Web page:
Most cloud DDoS mitigation services are offered on demand meaning that customers can enable the service when they are the victim of a DDoS attack.
But how can a company find out — quickly — that it is under attack? Sometimes it is difficult to know.
In this three part series, we will examine multiple monitoring tools companies can use to capture DDoS, which can help determine whether you are under a DDoS attack.
Option #1 – Internal server, network and infrastructure monitoring applications
Companies have a lot of monitoring software and applications to choose from, but one of the more popular pieces of software, called Nagios, allows you to monitor internal infrastructure status and performance of applications, services, operating systems, network protocols, system metrics and network infrastructure.
For example, monitoring software can check your HTTP service to ensure that a Website or Web server is functioning properly, and if the service is not functioning, most software includes real-time notification. Because most DDoS attacks target a Web server or application server, monitoring software may show the HTTP service to be experiencing a problem with slowness, high memory/CPU utilization or complete failure. In these situations, something is obviously wrong and it could be a DDoS attack.
While monitoring servers and infrastructure are helpful, there is no guarantee that DDoS is the culprit. Abnormal spikes in traffic and usage do occur for legitimate reasons.
It's up to the IT administrator to then assess the data and determine whether to enable a DDoS mitigation service.
Stay tuned for the next segment in our three-part series where we discuss external performance monitoring in the cloud.
Written by Donald Lee, Technical Sales Engineer at Neustar
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TeenSpeak is being rivalled by GeekSpeak: most Internet Geeks know what "the cloud" is. They know because they are "Internet Geeks", most Internet users don't profess to the same level of 'Geekdom'. Now while I don't claim to be an Internet Geek, I do like to think of myself as an educated Internet user; and the way I think of "the Cloud" is of a computer, plugged in somewhere, and holding lots of "computer things" for the use of anyone, anywhere. You may have heard the expression: "it is hosted in the cloud".
But what does it really mean? The cloud is just a place from where you can download things and the term download has been part of computer terminology since the dark ages… long before Bill Gates took wearing dull sweaters to the next level: the fact that part of an application remains on a server, or is completely downloaded, it is still a "download". As a user, I don't really care so long as I can download to get the "computer stuff" that I need.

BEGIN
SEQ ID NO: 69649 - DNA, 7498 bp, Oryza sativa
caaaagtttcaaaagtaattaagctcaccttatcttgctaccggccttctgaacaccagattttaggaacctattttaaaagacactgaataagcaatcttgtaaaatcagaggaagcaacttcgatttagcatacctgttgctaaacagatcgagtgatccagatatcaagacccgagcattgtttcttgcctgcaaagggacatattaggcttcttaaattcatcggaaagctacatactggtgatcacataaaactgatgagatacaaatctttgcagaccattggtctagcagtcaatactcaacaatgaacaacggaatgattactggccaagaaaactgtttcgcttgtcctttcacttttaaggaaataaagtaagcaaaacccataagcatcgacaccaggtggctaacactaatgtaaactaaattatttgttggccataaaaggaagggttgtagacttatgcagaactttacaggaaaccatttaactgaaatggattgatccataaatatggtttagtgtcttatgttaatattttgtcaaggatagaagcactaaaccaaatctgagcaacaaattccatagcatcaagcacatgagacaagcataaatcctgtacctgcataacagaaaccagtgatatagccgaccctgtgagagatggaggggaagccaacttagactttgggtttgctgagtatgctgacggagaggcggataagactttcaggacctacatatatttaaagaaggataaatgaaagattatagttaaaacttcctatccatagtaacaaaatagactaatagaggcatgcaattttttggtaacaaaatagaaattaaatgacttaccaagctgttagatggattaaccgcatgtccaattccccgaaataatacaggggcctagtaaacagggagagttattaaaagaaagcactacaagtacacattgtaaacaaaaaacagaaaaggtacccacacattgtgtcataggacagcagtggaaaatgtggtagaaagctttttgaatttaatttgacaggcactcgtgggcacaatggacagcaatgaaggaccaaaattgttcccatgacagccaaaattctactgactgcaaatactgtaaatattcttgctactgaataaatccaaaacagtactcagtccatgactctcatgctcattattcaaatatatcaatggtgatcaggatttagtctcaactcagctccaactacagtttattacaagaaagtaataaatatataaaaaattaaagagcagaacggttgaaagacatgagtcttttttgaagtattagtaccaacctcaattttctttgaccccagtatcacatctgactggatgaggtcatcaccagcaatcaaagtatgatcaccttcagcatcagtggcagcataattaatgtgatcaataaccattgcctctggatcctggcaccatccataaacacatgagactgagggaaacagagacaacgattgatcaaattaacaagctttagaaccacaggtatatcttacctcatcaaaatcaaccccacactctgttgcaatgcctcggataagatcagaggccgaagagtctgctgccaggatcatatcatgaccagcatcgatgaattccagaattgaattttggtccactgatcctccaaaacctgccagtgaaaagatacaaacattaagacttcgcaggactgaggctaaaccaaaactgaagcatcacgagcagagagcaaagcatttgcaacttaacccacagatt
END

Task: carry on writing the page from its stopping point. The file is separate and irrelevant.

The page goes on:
Keep it simple
Most online end-users need "simple things" explained "in understandable language". It is like creating a website: users no longer click 3 times to find the right information: they only click twice and if they don't find it, they forget about it or switch to something else. Internet Geeks are more single minded than the average user; they like to click around; I don't.
Whether you are looking for software, a document, a movie, an e-book, some music or an application, it is all the same: to be efficient, the process must be simple, understandable and fast. After starting a search, the average user wants to find and select what he was looking for on the first click, and go to the right page on the appropriate website on the second.
Clarity is the key, if the user wants to get online content and applications what web address will he click on? Simple ... something with the term download in it — preferably at the end! It is completely unambiguous, if I go to (www.)music.download I know what to expect, the same with (www.)movie.download and even londonaccountants.list.download.
On Google, there are 874 million results when I type "cloud", 823 million for "app" and there are almost 6 billion when I type "download." This leads me to surmise that "download" is very popular term. I also tend to think that the word "download" is considerably more visible than either "cloud" or app.
But there is also something else that I am sure of: if I find two websites to watch a movie, one ending with ".download" and the other with ".cloud", I am almost certain that I will click on the ".download" one, at least for two reasons:
1) I know .DOWNLOAD offers more chances to "download" the movie. The word "download" sends clear information. I don't exactly know what a .CLOUD website would offer: a weather forecast ... maybe!
2) I also know I shall be able to watch my movie with the assurance that my comfort will rely on my reading device only, and not — also — on the speed of the connection. When you watch a movie hosted in the cloud, the movie is downloaded while you watch. This means that it stops, if the Internet connection is interrupted.
There is another reason why I would rather click on a .DOWNLOAD domain name than on any other: when downloading, it means that it goes from one platform to yours. It also means, once it is downloaded, that it belongs to you. Here again, the message is clear.
Written by Jean Guillon, New generic Top-Level Domain specialist
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